5 QUESTIONS ASKED BY ETEM - WE PRESENT YOU DANIEL BOSIA FROM THORNTON TOMASETTI
Mr. Bosia, there are countless thoughts from famous architects who share what architecture means to them. Tell us what architecture means to you?
I am an engineer by profession and I am working in a multinational company. I also have an architectural education, but first of all, I am a structural engineer and as such have worked with many of the famous architects of our time. For me, architecture is the art of bringing ideas and engineering decisions into shape and space, in creating an environment that people can live in harmony with the surrounding world outside. Combining technical skills, even craftsmanship, art, modern innovation is what determines architecture when combined with structural engineering.
Do you have a muse or something that inspires you in your work?
My luck in my career as a structural engineer, working with different architects, is that I am not involved with a particular aesthetic or style, or way of working and I can adapt to different methods in architectural design. Among the architects with whom I collaborated, there were experts in the field of materials and how they can be used in architectural expression. They also are interested in how this material can be effectively used in construction. Other architects are interested in how to shape space in a flexible, dynamic manner and this creates an opportunity for engineers to use these forms and content, to use that complexity, to create a structure, to create an outer coating, shape of the building. Therefore, what inspires me in my work is the cooperation with other designers – together to get to the result that embodies craftsmanship.
Enter the role of the prophet and tell us how you see the future of the city 50 years from now? What will the architecture look like then?
Indeed, the urgency of striving to put much greater engineering efficiency into everything we do, everything we build is a fundamental factor. Therefore, through technology, through investment in construction and design tools and methods, we must be able to create structures and buildings, which have zero carbon footprint and have no negative effect on the environment we inhabit. We will have to look for ways to harness the environment instead of protecting ourselves from the environment. We are looking for ways to use wind, the sun, and other natural elements to generate energy to create passive buildings. Our industry also tends to divide disciplines, to separate the various specialties in construction. We work on structure /construction/ and accordingly, we have a structural engineer; we have a facade and accordingly, we have a facade engineer; we have an architect and we try to combine these specialties. But I think in the future there will be a much more integrated approach in the design, which will lead to a much more efficient method of construction, design, and minimization of materials used.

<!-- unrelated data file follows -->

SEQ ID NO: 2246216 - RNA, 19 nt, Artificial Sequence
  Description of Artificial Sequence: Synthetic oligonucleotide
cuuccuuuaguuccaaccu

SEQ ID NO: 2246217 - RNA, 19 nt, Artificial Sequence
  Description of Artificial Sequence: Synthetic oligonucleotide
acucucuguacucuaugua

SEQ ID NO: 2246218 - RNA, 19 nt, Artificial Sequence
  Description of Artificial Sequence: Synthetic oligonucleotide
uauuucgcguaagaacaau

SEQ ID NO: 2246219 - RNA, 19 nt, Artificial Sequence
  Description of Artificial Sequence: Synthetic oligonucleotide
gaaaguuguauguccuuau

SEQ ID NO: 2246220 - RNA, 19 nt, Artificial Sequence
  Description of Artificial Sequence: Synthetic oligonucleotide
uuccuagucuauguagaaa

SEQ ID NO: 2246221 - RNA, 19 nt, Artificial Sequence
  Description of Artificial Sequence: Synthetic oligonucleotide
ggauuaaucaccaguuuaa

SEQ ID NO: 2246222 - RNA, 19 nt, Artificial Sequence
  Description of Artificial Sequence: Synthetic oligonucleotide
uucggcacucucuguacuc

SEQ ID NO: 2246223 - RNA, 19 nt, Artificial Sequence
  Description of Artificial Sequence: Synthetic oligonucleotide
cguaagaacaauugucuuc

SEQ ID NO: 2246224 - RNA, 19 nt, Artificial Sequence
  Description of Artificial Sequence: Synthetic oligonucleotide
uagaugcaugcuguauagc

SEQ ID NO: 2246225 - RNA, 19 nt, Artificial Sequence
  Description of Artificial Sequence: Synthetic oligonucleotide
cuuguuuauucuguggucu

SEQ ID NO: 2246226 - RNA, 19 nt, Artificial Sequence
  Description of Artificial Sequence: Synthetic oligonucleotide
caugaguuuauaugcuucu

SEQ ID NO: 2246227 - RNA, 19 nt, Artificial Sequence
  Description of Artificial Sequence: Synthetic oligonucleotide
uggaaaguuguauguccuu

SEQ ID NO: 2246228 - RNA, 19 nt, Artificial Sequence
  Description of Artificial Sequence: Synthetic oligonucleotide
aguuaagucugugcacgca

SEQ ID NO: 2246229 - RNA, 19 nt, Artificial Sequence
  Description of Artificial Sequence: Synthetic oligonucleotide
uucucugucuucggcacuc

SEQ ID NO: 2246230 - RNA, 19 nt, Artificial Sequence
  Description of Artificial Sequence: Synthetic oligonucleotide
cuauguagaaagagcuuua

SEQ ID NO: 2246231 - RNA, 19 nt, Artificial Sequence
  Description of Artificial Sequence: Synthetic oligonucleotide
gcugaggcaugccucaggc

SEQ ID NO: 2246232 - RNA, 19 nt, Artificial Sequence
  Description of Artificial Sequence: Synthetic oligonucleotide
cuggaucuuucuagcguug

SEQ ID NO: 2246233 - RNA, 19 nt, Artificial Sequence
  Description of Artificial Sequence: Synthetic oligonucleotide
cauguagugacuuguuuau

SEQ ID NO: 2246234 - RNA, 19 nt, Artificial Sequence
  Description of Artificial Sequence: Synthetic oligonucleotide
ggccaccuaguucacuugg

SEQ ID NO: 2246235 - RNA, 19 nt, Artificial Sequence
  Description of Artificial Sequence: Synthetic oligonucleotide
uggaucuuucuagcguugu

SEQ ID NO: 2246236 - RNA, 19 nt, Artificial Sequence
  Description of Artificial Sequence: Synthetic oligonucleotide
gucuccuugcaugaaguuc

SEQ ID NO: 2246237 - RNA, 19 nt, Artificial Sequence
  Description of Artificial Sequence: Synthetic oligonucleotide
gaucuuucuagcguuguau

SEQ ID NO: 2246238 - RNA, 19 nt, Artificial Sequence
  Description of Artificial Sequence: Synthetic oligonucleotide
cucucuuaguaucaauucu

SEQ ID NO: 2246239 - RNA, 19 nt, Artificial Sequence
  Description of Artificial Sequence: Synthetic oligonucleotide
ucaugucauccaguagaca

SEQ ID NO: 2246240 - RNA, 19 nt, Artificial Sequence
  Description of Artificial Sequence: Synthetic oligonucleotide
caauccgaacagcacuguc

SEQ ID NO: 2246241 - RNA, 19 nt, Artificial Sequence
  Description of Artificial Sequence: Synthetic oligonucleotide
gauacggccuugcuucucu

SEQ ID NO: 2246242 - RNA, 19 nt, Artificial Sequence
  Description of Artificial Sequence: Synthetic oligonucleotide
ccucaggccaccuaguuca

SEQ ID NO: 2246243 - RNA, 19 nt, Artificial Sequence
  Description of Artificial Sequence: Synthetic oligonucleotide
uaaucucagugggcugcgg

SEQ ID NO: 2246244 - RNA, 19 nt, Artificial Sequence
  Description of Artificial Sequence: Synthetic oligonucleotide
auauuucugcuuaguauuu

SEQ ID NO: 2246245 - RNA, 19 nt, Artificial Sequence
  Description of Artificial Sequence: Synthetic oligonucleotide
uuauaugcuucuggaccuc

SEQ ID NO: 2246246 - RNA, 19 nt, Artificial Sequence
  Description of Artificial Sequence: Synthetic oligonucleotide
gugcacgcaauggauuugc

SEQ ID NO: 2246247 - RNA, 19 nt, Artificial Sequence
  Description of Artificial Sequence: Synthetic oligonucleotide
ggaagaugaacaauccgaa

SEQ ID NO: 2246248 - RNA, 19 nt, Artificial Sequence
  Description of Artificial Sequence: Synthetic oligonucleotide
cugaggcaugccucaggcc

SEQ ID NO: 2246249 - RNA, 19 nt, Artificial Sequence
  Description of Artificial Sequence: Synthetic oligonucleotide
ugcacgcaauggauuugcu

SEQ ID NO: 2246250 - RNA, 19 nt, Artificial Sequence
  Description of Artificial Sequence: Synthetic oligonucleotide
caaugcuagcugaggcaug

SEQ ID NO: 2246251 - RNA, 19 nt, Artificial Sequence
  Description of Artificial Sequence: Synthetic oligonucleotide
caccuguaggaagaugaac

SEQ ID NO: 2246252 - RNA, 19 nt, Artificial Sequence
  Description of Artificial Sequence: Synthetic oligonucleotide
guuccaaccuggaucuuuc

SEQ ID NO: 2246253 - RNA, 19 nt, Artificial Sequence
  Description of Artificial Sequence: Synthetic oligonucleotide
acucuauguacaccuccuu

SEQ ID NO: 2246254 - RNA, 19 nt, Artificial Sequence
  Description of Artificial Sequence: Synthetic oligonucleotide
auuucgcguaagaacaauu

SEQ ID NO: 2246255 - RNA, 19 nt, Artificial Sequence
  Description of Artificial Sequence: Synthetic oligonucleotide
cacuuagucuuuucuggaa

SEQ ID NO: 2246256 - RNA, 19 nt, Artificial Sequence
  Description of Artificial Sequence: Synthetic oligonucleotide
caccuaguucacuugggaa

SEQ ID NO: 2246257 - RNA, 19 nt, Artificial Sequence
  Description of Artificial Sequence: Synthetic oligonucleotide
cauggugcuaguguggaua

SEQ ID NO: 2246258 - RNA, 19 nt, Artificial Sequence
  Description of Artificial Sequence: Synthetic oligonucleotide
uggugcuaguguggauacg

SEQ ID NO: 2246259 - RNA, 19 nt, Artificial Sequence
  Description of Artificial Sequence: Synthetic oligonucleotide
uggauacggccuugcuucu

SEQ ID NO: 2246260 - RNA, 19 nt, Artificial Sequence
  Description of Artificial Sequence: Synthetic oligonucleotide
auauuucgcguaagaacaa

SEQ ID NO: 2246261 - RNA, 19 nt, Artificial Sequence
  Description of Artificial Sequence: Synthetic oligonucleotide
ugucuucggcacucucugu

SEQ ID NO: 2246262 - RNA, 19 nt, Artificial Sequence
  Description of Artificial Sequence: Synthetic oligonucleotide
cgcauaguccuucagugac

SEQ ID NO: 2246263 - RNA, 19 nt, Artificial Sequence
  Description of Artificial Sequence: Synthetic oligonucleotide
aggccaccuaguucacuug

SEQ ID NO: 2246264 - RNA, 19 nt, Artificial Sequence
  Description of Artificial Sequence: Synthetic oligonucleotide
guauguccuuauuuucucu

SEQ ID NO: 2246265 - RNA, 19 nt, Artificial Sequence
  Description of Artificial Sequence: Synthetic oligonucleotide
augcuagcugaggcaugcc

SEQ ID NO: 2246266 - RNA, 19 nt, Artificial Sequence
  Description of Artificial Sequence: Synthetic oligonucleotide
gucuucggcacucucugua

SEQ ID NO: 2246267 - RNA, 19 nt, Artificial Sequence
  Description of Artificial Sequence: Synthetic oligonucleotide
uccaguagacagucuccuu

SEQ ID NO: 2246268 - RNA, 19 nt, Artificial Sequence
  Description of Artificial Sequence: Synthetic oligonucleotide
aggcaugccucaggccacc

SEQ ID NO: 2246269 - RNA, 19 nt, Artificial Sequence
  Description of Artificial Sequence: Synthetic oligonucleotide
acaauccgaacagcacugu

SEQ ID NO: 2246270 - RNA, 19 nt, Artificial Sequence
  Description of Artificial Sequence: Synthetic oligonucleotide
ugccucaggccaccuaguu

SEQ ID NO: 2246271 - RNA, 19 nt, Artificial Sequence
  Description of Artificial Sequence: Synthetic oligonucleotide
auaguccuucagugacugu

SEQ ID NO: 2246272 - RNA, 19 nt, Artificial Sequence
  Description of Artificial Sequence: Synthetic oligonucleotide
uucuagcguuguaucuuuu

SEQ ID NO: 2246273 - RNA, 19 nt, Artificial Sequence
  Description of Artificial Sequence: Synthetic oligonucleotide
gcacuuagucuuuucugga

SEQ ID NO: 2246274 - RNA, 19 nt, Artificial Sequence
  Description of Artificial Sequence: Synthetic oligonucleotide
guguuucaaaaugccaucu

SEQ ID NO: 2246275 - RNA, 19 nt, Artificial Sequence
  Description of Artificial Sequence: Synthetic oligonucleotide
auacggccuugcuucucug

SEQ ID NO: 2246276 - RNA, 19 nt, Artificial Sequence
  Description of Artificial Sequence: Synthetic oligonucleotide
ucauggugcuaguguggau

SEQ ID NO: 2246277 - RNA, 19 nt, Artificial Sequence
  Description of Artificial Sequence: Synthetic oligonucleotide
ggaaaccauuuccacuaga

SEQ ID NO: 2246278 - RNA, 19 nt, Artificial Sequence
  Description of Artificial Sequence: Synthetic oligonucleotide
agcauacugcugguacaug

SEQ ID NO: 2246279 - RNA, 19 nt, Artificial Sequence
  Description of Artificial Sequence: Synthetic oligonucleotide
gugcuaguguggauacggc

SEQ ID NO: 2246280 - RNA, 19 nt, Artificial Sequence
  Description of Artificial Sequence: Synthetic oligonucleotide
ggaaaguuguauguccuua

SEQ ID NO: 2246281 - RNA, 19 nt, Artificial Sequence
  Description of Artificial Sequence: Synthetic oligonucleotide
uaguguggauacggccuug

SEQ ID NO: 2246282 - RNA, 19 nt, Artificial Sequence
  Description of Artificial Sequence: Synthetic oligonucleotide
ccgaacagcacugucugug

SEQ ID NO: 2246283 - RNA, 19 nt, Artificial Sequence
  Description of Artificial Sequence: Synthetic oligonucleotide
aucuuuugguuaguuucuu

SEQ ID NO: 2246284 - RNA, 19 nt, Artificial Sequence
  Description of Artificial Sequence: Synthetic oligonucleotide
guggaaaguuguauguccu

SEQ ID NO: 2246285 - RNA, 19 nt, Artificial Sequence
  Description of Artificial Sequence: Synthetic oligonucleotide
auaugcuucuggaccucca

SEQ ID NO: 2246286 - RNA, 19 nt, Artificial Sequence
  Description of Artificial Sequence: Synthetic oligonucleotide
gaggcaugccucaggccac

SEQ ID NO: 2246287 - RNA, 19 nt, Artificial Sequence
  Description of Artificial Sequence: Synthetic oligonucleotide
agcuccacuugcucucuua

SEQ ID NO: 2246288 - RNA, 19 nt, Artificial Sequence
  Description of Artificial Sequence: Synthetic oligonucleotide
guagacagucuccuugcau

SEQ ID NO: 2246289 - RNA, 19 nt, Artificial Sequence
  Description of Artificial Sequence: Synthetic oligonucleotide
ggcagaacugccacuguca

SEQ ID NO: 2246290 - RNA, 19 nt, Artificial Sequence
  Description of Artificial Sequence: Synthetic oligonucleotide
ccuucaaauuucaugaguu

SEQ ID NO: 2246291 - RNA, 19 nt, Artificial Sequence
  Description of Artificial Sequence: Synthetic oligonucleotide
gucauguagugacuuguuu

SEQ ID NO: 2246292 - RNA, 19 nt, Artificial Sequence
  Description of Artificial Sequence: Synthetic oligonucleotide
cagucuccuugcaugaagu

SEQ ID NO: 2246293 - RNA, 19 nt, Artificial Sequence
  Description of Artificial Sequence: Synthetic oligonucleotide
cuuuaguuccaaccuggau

If you could be remembered with just one of your projects – what would it be?
I have worked on many projects which differently embody some of the principles I have just described. For many years I have worked for high-tech companies like Google, where the introduction of technology and innovation in buildings is a major factor. For example, how the use of a particular technology in the facade can make it more efficient and more responsive to the environment. For example, the headquarters of Google, which is currently under construction, in my opinion, will be an example of such a leap into the future through the introduction of intelligent engineering solutions. This is not just a project that shows us how effective a building can be, but how can we rethink the workplace, for example, to perform other functions, to serve our health and well-being. Projects like this make us think in the long run - for example, we have heard reflections on how planets can be inhabited in the future. So some of these prototype projects have the potential to push the technology forward to the future when we will colonize planets. I say it with a smile, but in my opinion, these are important problems that humanity faces today, both here on earth and in our surrounding universe. And as an engineer, I'm always optimistic that technology will provide us with a solution to the challenges.
What is your favorite book and what are you reading right now?
There are many inspirational books written by engineers who have crossed the line between disciplines, between engineering majors and architecture. I am an ardent supporter of people like Frei Otto. Recently I rediscovered these publications of the Institute he founded - Institute for Lightweight Structures at the University of Stuttgart. Going back to these developments from the '70s, I was inspired by how today we can look for new digital technologies and production methods to create a kind of "space editing method" in the engineering disciplines in the future, as Frei Otto does. He and his school, in particular, аrе experimenting with techniques for physical modeling, to understand the behavior of structures, their functions, and performance. Today, we have digital tools that give us many more opportunities for exploration and innovation. Today we can test digital models that are more flexible, which can easily be enlarged in scale and that gives us much more opportunity. If I have to summarize, the ability to model and simulate the behavior of structures and buildings in real time - this is what modern design tools allow us to do and this must be used in our collaboration with architects.